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Supporting the circular economy – it’s time we all take responsibility says

The linear ‘take, make, dispose’ culture the world has come to adopt is not sustainable. Collecting raw materials, transforming them into products that are used just once and then disposed of relies on an infinitive availability of natural resources – something our economy cannot provide. Take plastics for example; they are hugely versatile materials but the way we use them is incredibly wasteful.

In the UK, we recycle just 45% of plastics. That means 55% of all our plastic waste potentially ends up in landfill or as litter in the countryside. The same properties that make plastics so useful — their durability and resistance to degradation — also make them nearly impossible for nature to completely break down.

Clearly something needs to be done to move closer towards a circular ‘reduce, reuse, recycle’ culture – an economic model that rather than wastefully disposing of natural resources, reuses them as much as possible and recycles them at the end of their long use.

And this starts with us as businesses and consumers. If we are to make the absolute best use of the plastic we have already created, we must ALL do our bit!

Brands embracing circularity

In the last few years, many big brands have upped their environmental commitment by taking positive action to reduce plastic waste.

Back in 2007, Co-op was the first UK retailer to remove plastic carrier bags from its stores and replace them with certified compostable carrier bags. The compostable bags are certified as being suitable for food waste collections and to use in home-compost bins. Since this move, Co-op says it has removed a whopping 55 million single-use plastic bags from circulation.

More recently in 2021, the retailer announced that all of its own-brand packaging was recyclable and introduced an in-store soft plastic recycling scheme, allowing consumers to return and recycle those soft plastics you can’t normally recycle at home – like bread bags and crisp packets.

‘Probably the best beer in the world’ Carlsberg has introduced some ground-breaking innovations in recent years to reduce plastic waste. This includes its Snap Pack technology, which Carlsberg launched in the UK in 2019, replacing plastic shrink wrap or rings with glue dots that hold packs of cans together. The move reduced plastic packaging by up to 76% per multipack. Carlsberg is continuing to innovate its use of recycled plastics for product packaging. The shrink film it uses for products in Denmark, Finland, France, Norway, Poland, and Sweden is made of 100% recycled plastic. In Finland alone, this will save 200 tonnes of CO2 every year.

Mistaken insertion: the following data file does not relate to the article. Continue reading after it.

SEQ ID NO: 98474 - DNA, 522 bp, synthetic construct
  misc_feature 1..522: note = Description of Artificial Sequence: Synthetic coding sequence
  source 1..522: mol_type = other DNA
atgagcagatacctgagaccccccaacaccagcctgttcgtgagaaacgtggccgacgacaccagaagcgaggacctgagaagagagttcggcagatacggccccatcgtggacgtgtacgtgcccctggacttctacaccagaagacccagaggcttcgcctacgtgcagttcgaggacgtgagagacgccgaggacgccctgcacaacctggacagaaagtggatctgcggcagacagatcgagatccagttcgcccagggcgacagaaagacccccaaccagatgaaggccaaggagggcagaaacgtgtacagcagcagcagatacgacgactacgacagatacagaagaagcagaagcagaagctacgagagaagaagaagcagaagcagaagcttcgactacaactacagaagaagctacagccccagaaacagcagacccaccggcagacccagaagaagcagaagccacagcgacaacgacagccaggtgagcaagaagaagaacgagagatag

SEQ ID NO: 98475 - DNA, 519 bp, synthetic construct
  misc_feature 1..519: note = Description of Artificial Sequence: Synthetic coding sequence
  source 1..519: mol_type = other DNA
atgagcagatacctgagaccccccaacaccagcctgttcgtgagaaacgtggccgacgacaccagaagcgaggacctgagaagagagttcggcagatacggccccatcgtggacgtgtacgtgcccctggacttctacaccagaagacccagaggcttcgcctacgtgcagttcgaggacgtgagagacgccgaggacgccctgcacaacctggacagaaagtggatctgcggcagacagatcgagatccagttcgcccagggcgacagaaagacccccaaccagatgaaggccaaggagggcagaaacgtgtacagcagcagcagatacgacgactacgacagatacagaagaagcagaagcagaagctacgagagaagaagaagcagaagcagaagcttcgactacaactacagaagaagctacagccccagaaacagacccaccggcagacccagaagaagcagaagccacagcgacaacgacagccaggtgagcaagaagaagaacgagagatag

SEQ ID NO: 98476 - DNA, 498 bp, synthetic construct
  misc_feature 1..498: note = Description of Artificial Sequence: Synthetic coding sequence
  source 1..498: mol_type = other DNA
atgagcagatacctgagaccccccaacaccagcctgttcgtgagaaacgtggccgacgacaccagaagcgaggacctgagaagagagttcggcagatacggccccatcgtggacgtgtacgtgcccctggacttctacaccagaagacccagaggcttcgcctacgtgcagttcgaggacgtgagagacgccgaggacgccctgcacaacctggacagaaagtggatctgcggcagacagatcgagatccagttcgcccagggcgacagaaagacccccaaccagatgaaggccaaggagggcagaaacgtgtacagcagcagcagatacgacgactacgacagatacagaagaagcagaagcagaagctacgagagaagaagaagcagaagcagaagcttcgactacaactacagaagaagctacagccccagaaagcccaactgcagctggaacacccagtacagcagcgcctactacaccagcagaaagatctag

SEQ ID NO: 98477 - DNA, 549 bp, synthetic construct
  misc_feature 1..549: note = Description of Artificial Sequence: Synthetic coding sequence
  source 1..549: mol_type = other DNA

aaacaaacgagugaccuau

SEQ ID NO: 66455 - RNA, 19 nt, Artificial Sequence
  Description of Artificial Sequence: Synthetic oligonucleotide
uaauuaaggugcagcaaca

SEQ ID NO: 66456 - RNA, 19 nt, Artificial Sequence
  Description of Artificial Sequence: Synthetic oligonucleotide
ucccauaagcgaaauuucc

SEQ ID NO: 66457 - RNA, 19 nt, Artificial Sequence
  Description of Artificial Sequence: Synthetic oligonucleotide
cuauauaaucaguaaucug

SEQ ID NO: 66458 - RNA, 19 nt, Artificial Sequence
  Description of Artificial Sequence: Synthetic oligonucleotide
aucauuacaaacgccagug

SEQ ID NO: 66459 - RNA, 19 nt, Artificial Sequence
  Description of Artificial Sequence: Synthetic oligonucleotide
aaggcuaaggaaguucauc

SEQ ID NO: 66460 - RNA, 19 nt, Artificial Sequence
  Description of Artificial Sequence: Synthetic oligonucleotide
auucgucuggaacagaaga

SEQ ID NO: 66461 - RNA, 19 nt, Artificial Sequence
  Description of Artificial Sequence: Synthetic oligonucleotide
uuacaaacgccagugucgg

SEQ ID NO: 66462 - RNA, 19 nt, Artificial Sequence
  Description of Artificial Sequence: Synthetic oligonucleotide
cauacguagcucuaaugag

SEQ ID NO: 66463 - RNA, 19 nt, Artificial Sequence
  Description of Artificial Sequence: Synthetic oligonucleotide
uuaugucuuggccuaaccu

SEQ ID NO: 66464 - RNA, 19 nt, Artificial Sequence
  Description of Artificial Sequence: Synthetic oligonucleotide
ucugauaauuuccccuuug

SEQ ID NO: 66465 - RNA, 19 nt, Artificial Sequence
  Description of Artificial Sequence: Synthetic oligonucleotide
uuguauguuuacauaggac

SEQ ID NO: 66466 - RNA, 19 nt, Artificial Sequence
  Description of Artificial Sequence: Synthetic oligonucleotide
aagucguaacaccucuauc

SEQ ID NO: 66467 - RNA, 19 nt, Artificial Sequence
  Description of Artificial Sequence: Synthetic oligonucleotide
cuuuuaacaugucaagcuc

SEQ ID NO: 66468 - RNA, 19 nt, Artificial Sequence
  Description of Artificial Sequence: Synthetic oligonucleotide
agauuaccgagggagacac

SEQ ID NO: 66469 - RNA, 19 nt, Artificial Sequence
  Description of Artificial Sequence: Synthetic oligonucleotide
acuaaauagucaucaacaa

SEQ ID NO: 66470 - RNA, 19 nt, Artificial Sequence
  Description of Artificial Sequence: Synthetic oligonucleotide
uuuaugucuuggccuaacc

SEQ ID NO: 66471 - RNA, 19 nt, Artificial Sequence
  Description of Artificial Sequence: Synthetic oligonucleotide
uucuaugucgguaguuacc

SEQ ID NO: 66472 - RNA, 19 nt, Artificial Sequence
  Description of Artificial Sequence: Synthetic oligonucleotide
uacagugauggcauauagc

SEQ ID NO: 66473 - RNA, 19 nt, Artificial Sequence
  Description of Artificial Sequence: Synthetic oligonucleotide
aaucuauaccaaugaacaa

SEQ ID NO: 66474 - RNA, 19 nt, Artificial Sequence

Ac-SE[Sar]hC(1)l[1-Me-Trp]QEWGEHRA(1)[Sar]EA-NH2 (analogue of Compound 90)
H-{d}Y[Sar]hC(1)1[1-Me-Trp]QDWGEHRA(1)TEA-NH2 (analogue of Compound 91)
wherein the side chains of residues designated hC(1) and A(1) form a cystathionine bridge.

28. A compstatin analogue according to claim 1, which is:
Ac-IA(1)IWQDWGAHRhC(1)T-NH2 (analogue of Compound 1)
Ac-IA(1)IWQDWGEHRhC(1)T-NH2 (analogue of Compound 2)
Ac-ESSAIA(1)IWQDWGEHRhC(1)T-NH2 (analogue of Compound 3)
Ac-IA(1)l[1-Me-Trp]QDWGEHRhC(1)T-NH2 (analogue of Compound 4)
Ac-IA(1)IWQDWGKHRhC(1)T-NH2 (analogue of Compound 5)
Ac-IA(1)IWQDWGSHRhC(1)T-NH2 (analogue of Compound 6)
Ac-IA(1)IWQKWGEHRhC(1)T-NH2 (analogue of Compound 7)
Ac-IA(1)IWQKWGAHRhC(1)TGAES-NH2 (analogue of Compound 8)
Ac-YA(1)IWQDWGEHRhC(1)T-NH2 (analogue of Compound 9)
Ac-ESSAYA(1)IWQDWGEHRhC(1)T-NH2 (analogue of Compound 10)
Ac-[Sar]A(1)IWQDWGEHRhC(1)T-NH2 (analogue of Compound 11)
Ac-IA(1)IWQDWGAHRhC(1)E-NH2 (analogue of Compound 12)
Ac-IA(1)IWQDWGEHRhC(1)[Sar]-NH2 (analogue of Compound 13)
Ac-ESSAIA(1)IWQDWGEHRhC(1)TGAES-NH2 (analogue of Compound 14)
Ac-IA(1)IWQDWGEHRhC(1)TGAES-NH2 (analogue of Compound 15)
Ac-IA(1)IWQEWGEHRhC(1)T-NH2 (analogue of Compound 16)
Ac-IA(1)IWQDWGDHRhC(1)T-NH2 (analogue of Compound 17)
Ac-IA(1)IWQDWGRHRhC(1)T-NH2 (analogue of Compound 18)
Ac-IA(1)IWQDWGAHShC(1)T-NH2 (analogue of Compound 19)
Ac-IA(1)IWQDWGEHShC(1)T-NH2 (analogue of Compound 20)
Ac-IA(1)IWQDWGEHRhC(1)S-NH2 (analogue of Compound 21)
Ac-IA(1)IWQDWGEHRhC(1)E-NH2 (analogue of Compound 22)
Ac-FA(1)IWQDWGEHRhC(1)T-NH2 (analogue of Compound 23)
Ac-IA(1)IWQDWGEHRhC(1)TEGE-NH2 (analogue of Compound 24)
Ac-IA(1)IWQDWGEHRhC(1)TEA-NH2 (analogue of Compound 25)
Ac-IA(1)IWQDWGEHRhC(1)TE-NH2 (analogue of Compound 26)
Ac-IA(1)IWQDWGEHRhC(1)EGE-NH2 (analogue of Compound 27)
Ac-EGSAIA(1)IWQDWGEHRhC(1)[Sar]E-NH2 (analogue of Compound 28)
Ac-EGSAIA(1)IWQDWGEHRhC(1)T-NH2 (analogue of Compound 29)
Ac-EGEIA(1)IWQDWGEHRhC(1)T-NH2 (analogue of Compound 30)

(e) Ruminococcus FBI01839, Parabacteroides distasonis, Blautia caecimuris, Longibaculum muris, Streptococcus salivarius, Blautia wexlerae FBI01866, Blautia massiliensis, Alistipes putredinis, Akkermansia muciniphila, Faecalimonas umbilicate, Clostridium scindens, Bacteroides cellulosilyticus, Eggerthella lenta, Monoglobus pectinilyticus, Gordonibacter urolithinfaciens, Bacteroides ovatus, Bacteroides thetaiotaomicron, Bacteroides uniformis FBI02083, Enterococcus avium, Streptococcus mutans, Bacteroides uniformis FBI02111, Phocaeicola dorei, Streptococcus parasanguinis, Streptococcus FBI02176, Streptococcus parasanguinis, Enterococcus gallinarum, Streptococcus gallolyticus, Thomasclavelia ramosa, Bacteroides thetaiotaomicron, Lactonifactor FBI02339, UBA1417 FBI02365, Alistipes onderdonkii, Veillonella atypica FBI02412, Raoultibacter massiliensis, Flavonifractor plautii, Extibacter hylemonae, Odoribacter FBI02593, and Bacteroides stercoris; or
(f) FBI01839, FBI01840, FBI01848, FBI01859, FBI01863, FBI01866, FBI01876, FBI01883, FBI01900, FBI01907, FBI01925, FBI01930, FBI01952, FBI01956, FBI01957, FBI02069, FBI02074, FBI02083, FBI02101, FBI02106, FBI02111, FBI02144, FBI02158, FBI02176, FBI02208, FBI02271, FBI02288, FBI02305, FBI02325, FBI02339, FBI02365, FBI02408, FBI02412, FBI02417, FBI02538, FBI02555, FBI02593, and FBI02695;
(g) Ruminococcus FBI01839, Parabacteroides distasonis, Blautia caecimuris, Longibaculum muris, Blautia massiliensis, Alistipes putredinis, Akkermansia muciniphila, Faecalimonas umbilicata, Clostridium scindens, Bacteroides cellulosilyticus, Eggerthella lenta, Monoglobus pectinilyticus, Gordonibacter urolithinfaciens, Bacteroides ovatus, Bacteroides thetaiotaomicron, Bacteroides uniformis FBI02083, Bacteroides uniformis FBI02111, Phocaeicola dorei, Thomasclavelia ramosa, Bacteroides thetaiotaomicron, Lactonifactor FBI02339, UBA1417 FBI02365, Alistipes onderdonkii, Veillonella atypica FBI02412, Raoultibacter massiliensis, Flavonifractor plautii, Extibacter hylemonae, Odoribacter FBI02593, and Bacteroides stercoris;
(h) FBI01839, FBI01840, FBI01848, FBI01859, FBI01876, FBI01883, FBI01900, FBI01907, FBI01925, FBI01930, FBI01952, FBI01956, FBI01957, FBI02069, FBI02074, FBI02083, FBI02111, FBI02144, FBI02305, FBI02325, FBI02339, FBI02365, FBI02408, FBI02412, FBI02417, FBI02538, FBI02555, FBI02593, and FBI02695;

Another brand with strong environmental credentials is The Body Shop. Since starting in 1976, the company has always believed it can be a force for good. In 2019, The Body Shop launched its Return, Recycle, Repeat scheme to encourage in-store recycling. Shoppers can choose to return to store and refill their products or recycle their used tubs and tubes.

The Body Shop aims to fully embrace circularity by investing in packaging innovations and eliminating unnecessary plastic packaging. By 2025, the cosmetics company is committed to offering packaging that is 100% reusable, recyclable or compostable.

Our ground-breaking approach

But it’s not just the big brands that are leading the charge in plastic waste recycling. Within the plastic pallet industry, made a revolutionary commitment to make the most of this valuable plastic resource. In February 2019, the company pioneered the UK plastic pallet industry’s first plastic pallet recycling scheme, making the commitment to recover and recycle all of its plastic products and turn them into new recycled pallets.

Currently, 96% of its plastic pallets are made from post-consumer plastic and redundant plastic pallets and boxes.

Jim Hardisty, Managing Director at said, “At, we are committed to driving the circular economy and leaving a better world for future generations through sustainable operations and our responsible recycling scheme.

“Working with our manufacturing partners, we recycle our plastic products into new plastic pallets, creating a continuous recycling loop. Our recycled plastic pallets offer high-quality performance and last up to 10 times longer than wooden pallets, so they can be used time and time again. At the end of their long working life, we will collect them back, and start the circular process again.”

Plastic Packaging Tax

With the introduction of the Plastic Packaging Tax in April, Jim expects there to be an increased demand for recycled materials.

Jim added, “I expect the Plastic Packaging Tax will create even greater demand for packaging made from recycled materials. This can only be a good thing as we strive for a more circular and sustainable future.”’s recycling scheme is open to all plastic pallets, boxes and crates no matter who supplied them. Let recycle your plastic pallets and boxes by getting in touch with one of the recycling experts